46-year-old Bianca Rabbaney graduated as a counsellor at the U-turn power house programme where she is now asobriety and recovery coach. Picture: Supplied
46-year-old Bianca Rabbaney graduated as a counsellor at the U-turn power house programme where she is now asobriety and recovery coach. Picture: Supplied

Fresh start after addiction

By Asanda Sokanyile Time of article published Nov 28, 2020

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Cape Town - Living in the drug world is not an easy life, and living on the streets is not as easy as people think. These were the words of a recovering drug addict who had been on drugs for over 20 years.

Mother of two, Bianca Rabbaney, 46, said she was only 16 when she first started experimenting with drugs.

"I started smoking dagga and abusing alcohol, but I quickly moved on to mandrax," she said.

It was only a matter of time before Rabbaney's parents found out and threw her out of their Athlone home. Rabbaney was one of six children.

"They kicked me out, and they completely disowned me. I lived everywhere until I met a man in Grassy Park. I got into a relationship with him, he was also on drugs, and it wasn't a good relationship, but we had two beautiful daughters. Because the relationship was so bad, I left, " she said.

Rabbaney said she turned to drugs to look for love and acceptance.

"I thought I had found it in the drug world. I was hooked on tik and mandrax for 16 of the 22 years that I was on drugs. You do whatever it takes to get drugs, living on the streets. Being a homeless drug addict is not easy, especially when you are a woman," she said.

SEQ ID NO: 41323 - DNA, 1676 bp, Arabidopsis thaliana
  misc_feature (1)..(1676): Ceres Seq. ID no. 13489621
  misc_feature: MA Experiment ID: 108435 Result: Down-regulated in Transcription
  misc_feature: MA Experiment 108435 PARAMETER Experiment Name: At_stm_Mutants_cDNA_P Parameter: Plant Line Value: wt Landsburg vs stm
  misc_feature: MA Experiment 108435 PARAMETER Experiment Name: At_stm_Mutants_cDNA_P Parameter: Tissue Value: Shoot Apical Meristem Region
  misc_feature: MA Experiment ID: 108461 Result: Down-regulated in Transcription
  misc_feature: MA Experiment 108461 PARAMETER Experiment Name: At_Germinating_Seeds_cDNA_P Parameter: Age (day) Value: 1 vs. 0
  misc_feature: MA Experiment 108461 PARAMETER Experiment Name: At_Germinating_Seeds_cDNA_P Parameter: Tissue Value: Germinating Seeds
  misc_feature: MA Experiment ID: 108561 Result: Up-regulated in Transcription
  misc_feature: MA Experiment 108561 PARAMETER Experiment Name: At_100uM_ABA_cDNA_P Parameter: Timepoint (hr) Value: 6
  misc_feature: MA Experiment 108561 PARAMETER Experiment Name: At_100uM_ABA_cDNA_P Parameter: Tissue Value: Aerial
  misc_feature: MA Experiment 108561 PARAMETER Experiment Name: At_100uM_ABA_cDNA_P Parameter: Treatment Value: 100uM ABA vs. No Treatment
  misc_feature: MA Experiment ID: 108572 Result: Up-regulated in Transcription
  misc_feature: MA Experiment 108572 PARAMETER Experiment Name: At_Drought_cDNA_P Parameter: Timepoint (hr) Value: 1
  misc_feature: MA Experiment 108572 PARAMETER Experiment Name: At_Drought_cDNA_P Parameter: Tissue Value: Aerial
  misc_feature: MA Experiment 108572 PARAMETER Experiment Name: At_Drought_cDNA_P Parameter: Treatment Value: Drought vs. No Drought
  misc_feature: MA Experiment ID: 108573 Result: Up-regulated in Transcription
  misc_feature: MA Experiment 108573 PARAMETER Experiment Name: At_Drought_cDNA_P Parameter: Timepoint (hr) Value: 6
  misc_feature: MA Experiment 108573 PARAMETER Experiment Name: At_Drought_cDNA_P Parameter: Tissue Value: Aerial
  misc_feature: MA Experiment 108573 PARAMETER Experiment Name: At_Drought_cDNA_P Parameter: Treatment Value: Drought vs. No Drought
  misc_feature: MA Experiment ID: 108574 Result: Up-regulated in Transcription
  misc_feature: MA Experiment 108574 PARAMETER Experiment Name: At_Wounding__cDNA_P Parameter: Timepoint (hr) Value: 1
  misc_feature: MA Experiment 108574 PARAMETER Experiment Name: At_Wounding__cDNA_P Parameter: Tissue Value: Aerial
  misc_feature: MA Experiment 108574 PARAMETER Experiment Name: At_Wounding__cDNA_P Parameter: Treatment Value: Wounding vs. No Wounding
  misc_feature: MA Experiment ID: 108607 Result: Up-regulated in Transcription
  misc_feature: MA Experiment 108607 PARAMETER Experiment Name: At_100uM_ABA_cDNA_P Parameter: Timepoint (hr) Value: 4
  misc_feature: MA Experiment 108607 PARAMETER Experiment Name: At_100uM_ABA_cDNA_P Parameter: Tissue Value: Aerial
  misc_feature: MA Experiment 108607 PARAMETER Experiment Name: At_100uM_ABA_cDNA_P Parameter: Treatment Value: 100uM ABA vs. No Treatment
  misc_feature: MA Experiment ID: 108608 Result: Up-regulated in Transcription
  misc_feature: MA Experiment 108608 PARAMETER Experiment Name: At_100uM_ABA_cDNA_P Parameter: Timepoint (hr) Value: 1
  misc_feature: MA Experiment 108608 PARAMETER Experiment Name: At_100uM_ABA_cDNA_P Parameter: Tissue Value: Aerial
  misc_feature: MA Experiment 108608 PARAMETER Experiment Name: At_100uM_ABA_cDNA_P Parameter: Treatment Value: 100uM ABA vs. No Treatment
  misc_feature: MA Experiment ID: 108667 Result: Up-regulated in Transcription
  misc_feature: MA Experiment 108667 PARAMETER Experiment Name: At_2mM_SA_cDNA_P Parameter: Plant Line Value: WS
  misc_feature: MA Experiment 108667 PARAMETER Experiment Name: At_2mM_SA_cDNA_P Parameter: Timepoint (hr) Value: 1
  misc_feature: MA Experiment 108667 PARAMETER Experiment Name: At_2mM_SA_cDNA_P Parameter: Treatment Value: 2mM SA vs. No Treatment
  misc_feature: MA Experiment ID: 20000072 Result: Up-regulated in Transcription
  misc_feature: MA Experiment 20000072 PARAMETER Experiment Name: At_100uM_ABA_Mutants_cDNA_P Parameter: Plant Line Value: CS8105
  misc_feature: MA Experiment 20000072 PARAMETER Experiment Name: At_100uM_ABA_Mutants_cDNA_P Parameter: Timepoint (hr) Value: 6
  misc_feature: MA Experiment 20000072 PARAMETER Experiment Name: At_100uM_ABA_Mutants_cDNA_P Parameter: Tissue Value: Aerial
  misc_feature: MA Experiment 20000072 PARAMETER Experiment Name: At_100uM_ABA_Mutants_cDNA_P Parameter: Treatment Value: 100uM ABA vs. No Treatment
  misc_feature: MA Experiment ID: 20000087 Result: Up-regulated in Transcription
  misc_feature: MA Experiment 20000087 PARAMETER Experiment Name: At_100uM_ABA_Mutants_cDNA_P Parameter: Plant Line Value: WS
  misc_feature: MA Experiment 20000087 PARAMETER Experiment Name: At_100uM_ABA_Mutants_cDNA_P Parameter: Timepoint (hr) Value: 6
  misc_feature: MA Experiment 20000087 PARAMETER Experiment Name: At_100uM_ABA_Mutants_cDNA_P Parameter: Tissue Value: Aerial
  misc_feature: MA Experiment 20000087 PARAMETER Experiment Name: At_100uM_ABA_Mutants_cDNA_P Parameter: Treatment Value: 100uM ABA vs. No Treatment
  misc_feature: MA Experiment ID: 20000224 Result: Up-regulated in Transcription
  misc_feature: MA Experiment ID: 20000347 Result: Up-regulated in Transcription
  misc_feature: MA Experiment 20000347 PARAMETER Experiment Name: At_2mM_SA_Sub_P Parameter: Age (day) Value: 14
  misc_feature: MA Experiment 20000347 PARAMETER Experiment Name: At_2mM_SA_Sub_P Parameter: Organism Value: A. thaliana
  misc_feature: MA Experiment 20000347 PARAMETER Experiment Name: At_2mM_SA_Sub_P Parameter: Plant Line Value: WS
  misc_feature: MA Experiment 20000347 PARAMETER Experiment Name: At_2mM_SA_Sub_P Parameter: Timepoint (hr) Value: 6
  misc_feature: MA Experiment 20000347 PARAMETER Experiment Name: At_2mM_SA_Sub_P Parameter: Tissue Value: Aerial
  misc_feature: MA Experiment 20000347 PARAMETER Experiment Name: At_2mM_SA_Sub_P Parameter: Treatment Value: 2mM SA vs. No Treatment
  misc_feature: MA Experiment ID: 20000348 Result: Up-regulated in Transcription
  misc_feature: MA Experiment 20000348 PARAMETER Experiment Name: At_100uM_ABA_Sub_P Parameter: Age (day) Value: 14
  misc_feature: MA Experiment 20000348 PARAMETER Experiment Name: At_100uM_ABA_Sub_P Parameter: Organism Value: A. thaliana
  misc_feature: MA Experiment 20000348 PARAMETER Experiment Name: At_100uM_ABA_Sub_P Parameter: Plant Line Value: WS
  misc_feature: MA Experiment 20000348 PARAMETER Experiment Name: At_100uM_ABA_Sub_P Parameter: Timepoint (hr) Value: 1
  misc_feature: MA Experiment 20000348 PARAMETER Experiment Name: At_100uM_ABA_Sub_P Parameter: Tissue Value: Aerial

During her drug abuse, Rabbaney's relationship with her daughters was strained. She was not allowed to visit the home where she once lived with her then-boyfriend and father of her children, but could only see her children at street corners.

"I was aggressive at the time, tik does that to you, but the girls didn't know I was on drugs, they knew I was homeless. I would wear the same clothes every time I went to see them. It was so sad because they sometimes stole food and clothes for me. I knew they loved me, but when you are on drugs, you blame everyone for all bad things in your life," she said.

She said living on the streets was a lonely, dangerous and expensive lifestyle.

“You either have to bring food, money or drugs, just to get a safe place to sleep at night. As a woman, nine times out of 10, you are safer on your own. Being on drugs makes it easy for you to be a target. I'm a survivor of gender-based violence, and a lot of horrible things that I do not wish to speak about happened to me out there. It really was hard.

Rabbaney has managed to turn her life around and is now a supervisor at U-turn's social enterprise on Long Street.

Rowen Ravera-Bauwer, U-turn's strategic partner, described Rabbaney as a dignified and soft-spoken person who has overcome enormous challenges, including addiction and homelessness. She is also a sobriety and recovery coach as well as a motivational speaker who is also learning to drive and how to be a good mother.

“Since graduating, she's qualified as a counsellor to help others coming out of addiction and similar circumstances, and she's become a mother and role model for many of the guys who are joining our programme and leaving the streets behind them."

Weekend Argus

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